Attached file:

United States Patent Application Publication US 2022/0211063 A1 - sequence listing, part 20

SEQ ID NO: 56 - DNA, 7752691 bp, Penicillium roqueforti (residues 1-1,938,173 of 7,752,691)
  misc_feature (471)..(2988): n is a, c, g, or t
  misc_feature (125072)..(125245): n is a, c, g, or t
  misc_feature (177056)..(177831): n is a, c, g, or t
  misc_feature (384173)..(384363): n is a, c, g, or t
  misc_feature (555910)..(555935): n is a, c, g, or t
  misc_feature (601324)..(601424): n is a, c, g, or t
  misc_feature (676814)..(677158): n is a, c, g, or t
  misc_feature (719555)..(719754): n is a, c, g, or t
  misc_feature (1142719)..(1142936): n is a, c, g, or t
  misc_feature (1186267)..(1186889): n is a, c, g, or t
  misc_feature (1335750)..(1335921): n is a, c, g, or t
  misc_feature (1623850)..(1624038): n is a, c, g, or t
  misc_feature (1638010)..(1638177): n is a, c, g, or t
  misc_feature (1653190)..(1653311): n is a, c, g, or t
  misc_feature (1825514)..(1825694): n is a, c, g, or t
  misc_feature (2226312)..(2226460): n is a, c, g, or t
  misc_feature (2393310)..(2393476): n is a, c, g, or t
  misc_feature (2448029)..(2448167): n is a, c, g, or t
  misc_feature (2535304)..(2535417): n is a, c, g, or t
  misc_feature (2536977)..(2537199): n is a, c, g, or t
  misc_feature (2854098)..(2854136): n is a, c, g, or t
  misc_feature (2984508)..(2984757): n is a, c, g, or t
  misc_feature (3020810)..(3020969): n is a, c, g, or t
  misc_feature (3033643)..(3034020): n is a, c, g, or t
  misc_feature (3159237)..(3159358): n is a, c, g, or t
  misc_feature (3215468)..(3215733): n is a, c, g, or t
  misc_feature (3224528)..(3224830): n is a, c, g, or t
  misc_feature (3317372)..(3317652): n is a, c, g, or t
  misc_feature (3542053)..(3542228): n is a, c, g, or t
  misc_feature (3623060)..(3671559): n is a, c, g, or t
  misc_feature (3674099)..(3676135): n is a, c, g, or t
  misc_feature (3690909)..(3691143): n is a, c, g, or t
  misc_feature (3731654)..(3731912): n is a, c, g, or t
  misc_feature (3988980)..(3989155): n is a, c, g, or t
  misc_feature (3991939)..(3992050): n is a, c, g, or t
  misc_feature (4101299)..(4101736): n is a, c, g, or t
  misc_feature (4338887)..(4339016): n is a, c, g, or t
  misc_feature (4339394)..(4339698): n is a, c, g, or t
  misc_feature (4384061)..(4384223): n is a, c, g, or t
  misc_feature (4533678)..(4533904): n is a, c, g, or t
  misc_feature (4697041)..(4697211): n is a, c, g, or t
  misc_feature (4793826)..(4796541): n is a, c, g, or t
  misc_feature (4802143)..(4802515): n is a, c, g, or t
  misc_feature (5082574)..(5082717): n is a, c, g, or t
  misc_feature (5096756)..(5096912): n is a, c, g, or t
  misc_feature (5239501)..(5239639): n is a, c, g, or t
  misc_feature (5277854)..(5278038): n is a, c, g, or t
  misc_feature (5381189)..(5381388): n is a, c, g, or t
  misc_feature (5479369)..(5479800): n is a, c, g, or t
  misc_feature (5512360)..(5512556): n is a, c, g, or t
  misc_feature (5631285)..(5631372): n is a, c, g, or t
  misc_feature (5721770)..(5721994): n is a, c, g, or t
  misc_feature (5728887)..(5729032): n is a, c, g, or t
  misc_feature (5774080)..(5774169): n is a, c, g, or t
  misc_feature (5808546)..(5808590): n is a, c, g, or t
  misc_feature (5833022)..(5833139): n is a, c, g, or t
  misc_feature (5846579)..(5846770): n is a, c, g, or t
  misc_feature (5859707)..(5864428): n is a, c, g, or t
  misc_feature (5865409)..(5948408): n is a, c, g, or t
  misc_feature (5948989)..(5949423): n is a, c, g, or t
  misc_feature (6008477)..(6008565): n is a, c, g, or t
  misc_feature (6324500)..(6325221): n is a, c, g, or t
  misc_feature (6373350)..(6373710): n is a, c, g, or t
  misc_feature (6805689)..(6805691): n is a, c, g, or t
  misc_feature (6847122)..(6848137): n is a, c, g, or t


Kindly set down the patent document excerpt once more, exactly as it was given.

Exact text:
United States Patent Application Publication US 2022/0211063 A1 - sequence listing, part 20

SEQ ID NO: 56 - DNA, 7752691 bp, Penicillium roqueforti (residues 1-1,938,173 of 7,752,691)
  misc_feature (471)..(2988): n is a, c, g, or t
  misc_feature (125072)..(125245): n is a, c, g, or t
  misc_feature (177056)..(177831): n is a, c, g, or t
  misc_feature (384173)..(384363): n is a, c, g, or t
  misc_feature (555910)..(555935): n is a, c, g, or t
  misc_feature (601324)..(601424): n is a, c, g, or t
  misc_feature (676814)..(677158): n is a, c, g, or t
  misc_feature (719555)..(719754): n is a, c, g, or t
  misc_feature (1142719)..(1142936): n is a, c, g, or t
  misc_feature (1186267)..(1186889): n is a, c, g, or t
  misc_feature (1335750)..(1335921): n is a, c, g, or t
  misc_feature (1623850)..(1624038): n is a, c, g, or t
  misc_feature (1638010)..(1638177): n is a, c, g, or t
  misc_feature (1653190)..(1653311): n is a, c, g, or t
  misc_feature (1825514)..(1825694): n is a, c, g, or t
  misc_feature (2226312)..(2226460): n is a, c, g, or t
  misc_feature (2393310)..(2393476): n is a, c, g, or t
  misc_feature (2448029)..(2448167): n is a, c, g, or t
  misc_feature (2535304)..(2535417): n is a, c, g, or t
  misc_feature (2536977)..(2537199): n is a, c, g, or t
  misc_feature (2854098)..(2854136): n is a, c, g, or t
  misc_feature (2984508)..(2984757): n is a, c, g, or t
  misc_feature (3020810)..(3020969): n is a, c, g, or t
  misc_feature (3033643)..(3034020): n is a, c, g, or t
  misc_feature (3159237)..(3159358): n is a, c, g, or t
  misc_feature (3215468)..(3215733): n is a, c, g, or t
  misc_feature (3224528)..(3224830): n is a, c, g, or t
  misc_feature (3317372)..(3317652): n is a, c, g, or t
  misc_feature (3542053)..(3542228): n is a, c, g, or t
  misc_feature (3623060)..(3671559): n is a, c, g, or t
  misc_feature (3674099)..(3676135): n is a, c, g, or t
  misc_feature (3690909)..(3691143): n is a, c, g, or t
  misc_feature (3731654)..(3731912): n is a, c, g, or t
  misc_feature (3988980)..(3989155): n is a, c, g, or t
  misc_feature (3991939)..(3992050): n is a, c, g, or t
  misc_feature (4101299)..(4101736): n is a, c, g, or t
  misc_feature (4338887)..(4339016): n is a, c, g, or t
  misc_feature (4339394)..(4339698): n is a, c, g, or t
  misc_feature (4384061)..(4384223): n is a, c, g, or t
  misc_feature (4533678)..(4533904): n is a, c, g, or t
  misc_feature (4697041)..(4697211): n is a, c, g, or t
  misc_feature (4793826)..(4796541): n is a, c, g, or t
  misc_feature (4802143)..(4802515): n is a, c, g, or t
  misc_feature (5082574)..(5082717): n is a, c, g, or t
  misc_feature (5096756)..(5096912): n is a, c, g, or t
  misc_feature (5239501)..(5239639): n is a, c, g, or t
  misc_feature (5277854)..(5278038): n is a, c, g, or t
  misc_feature (5381189)..(5381388): n is a, c, g, or t
  misc_feature (5479369)..(5479800): n is a, c, g, or t
  misc_feature (5512360)..(5512556): n is a, c, g, or t
  misc_feature (5631285)..(5631372): n is a, c, g, or t
  misc_feature (5721770)..(5721994): n is a, c, g, or t
  misc_feature (5728887)..(5729032): n is a, c, g, or t
  misc_feature (5774080)..(5774169): n is a, c, g, or t
  misc_feature (5808546)..(5808590): n is a, c, g, or t
  misc_feature (5833022)..(5833139): n is a, c, g, or t
  misc_feature (5846579)..(5846770): n is a, c, g, or t
  misc_feature (5859707)..(5864428): n is a, c, g, or t
  misc_feature (5865409)..(5948408): n is a, c, g, or t
  misc_feature (5948989)..(5949423): n is a, c, g, or t
  misc_feature (6008477)..(6008565): n is a, c, g, or t
  misc_feature (6324500)..(6325221): n is a, c, g, or t
  misc_feature (6373350)..(6373710): n is a, c, g, or t
  misc_feature (6805689)..(6805691): n is a, c, g, or t
  misc_feature (6847122)..(6848137): n is a, c, g, or t